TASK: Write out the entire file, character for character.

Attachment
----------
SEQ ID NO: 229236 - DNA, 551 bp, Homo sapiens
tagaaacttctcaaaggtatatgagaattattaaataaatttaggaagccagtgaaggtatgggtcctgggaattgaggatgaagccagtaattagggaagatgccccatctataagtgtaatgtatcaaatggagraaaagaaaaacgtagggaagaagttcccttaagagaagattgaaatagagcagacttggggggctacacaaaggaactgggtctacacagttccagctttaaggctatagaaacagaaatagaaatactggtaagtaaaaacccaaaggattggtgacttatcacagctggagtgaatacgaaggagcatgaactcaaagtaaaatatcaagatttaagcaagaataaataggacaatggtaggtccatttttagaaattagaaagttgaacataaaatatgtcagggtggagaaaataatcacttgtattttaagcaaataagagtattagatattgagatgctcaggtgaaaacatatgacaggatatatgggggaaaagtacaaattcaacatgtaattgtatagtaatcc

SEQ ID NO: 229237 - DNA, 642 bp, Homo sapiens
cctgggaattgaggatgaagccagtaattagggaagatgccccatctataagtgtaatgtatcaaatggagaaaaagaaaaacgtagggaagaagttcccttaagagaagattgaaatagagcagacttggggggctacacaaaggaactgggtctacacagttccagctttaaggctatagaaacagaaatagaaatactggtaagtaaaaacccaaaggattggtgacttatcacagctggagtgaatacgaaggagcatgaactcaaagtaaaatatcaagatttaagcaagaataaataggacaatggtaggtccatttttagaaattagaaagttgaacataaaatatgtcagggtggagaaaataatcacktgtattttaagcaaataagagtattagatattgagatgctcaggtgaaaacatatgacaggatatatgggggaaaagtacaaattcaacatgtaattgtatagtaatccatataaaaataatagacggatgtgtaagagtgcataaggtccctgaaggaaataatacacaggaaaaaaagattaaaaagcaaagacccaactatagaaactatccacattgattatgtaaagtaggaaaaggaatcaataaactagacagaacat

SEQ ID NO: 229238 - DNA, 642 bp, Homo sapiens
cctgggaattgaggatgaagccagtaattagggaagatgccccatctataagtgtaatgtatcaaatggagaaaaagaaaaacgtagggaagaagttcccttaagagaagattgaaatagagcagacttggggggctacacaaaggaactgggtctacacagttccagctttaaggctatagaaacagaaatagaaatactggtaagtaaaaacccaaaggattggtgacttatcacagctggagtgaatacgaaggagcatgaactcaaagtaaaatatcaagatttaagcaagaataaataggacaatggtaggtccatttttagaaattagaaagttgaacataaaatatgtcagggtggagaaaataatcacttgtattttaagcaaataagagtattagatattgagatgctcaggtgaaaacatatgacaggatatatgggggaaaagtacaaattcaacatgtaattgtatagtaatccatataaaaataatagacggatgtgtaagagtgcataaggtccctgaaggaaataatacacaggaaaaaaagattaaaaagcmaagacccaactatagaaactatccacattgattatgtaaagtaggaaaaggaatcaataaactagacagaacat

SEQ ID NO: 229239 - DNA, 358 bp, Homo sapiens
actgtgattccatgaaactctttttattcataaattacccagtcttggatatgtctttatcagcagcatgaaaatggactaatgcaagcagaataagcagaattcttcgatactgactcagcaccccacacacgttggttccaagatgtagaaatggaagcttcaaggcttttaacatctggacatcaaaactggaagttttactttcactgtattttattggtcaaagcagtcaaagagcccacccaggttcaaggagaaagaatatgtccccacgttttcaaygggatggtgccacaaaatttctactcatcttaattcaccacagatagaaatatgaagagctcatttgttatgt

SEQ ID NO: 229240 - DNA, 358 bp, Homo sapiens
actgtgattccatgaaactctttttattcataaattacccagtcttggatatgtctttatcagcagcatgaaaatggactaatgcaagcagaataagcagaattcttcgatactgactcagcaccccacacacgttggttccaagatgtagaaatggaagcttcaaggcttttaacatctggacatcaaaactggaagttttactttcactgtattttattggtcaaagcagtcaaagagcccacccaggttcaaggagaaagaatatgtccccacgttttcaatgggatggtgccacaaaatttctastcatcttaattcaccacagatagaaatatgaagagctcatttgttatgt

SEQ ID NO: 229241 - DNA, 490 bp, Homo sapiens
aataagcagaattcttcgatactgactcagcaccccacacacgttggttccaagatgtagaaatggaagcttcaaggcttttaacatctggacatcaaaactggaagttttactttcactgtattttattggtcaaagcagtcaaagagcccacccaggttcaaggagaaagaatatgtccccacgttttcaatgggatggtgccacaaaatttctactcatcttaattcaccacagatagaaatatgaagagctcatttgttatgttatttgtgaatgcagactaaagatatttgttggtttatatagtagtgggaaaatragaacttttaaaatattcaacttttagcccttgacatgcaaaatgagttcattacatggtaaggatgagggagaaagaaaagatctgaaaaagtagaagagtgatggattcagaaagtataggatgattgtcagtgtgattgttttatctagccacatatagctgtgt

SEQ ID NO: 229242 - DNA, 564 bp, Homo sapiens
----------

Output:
SEQ ID NO: 229236 - DNA, 551 bp, Homo sapiens
tagaaacttctcaaaggtatatgagaattattaaataaatttaggaagccagtgaaggtatgggtcctgggaattgaggatgaagccagtaattagggaagatgccccatctataagtgtaatgtatcaaatggagraaaagaaaaacgtagggaagaagttcccttaagagaagattgaaatagagcagacttggggggctacacaaaggaactgggtctacacagttccagctttaaggctatagaaacagaaatagaaatactggtaagtaaaaacccaaaggattggtgacttatcacagctggagtgaatacgaaggagcatgaactcaaagtaaaatatcaagatttaagcaagaataaataggacaatggtaggtccatttttagaaattagaaagttgaacataaaatatgtcagggtggagaaaataatcacttgtattttaagcaaataagagtattagatattgagatgctcaggtgaaaacatatgacaggatatatgggggaaaagtacaaattcaacatgtaattgtatagtaatcc

SEQ ID NO: 229237 - DNA, 642 bp, Homo sapiens
cctgggaattgaggatgaagccagtaattagggaagatgccccatctataagtgtaatgtatcaaatggagaaaaagaaaaacgtagggaagaagttcccttaagagaagattgaaatagagcagacttggggggctacacaaaggaactgggtctacacagttccagctttaaggctatagaaacagaaatagaaatactggtaagtaaaaacccaaaggattggtgacttatcacagctggagtgaatacgaaggagcatgaactcaaagtaaaatatcaagatttaagcaagaataaataggacaatggtaggtccatttttagaaattagaaagttgaacataaaatatgtcagggtggagaaaataatcacktgtattttaagcaaataagagtattagatattgagatgctcaggtgaaaacatatgacaggatatatgggggaaaagtacaaattcaacatgtaattgtatagtaatccatataaaaataatagacggatgtgtaagagtgcataaggtccctgaaggaaataatacacaggaaaaaaagattaaaaagcaaagacccaactatagaaactatccacattgattatgtaaagtaggaaaaggaatcaataaactagacagaacat

SEQ ID NO: 229238 - DNA, 642 bp, Homo sapiens
cctgggaattgaggatgaagccagtaattagggaagatgccccatctataagtgtaatgtatcaaatggagaaaaagaaaaacgtagggaagaagttcccttaagagaagattgaaatagagcagacttggggggctacacaaaggaactgggtctacacagttccagctttaaggctatagaaacagaaatagaaatactggtaagtaaaaacccaaaggattggtgacttatcacagctggagtgaatacgaaggagcatgaactcaaagtaaaatatcaagatttaagcaagaataaataggacaatggtaggtccatttttagaaattagaaagttgaacataaaatatgtcagggtggagaaaataatcacttgtattttaagcaaataagagtattagatattgagatgctcaggtgaaaacatatgacaggatatatgggggaaaagtacaaattcaacatgtaattgtatagtaatccatataaaaataatagacggatgtgtaagagtgcataaggtccctgaaggaaataatacacaggaaaaaaagattaaaaagcmaagacccaactatagaaactatccacattgattatgtaaagtaggaaaaggaatcaataaactagacagaacat

SEQ ID NO: 229239 - DNA, 358 bp, Homo sapiens
actgtgattccatgaaactctttttattcataaattacccagtcttggatatgtctttatcagcagcatgaaaatggactaatgcaagcagaataagcagaattcttcgatactgactcagcaccccacacacgttggttccaagatgtagaaatggaagcttcaaggcttttaacatctggacatcaaaactggaagttttactttcactgtattttattggtcaaagcagtcaaagagcccacccaggttcaaggagaaagaatatgtccccacgttttcaaygggatggtgccacaaaatttctactcatcttaattcaccacagatagaaatatgaagagctcatttgttatgt

SEQ ID NO: 229240 - DNA, 358 bp, Homo sapiens
actgtgattccatgaaactctttttattcataaattacccagtcttggatatgtctttatcagcagcatgaaaatggactaatgcaagcagaataagcagaattcttcgatactgactcagcaccccacacacgttggttccaagatgtagaaatggaagcttcaaggcttttaacatctggacatcaaaactggaagttttactttcactgtattttattggtcaaagcagtcaaagagcccacccaggttcaaggagaaagaatatgtccccacgttttcaatgggatggtgccacaaaatttctastcatcttaattcaccacagatagaaatatgaagagctcatttgttatgt

SEQ ID NO: 229241 - DNA, 490 bp, Homo sapiens
aataagcagaattcttcgatactgactcagcaccccacacacgttggttccaagatgtagaaatggaagcttcaaggcttttaacatctggacatcaaaactggaagttttactttcactgtattttattggtcaaagcagtcaaagagcccacccaggttcaaggagaaagaatatgtccccacgttttcaatgggatggtgccacaaaatttctactcatcttaattcaccacagatagaaatatgaagagctcatttgttatgttatttgtgaatgcagactaaagatatttgttggtttatatagtagtgggaaaatragaacttttaaaatattcaacttttagcccttgacatgcaaaatgagttcattacatggtaaggatgagggagaaagaaaagatctgaaaaagtagaagagtgatggattcagaaagtataggatgattgtcagtgtgattgttttatctagccacatatagctgtgt

SEQ ID NO: 229242 - DNA, 564 bp, Homo sapiens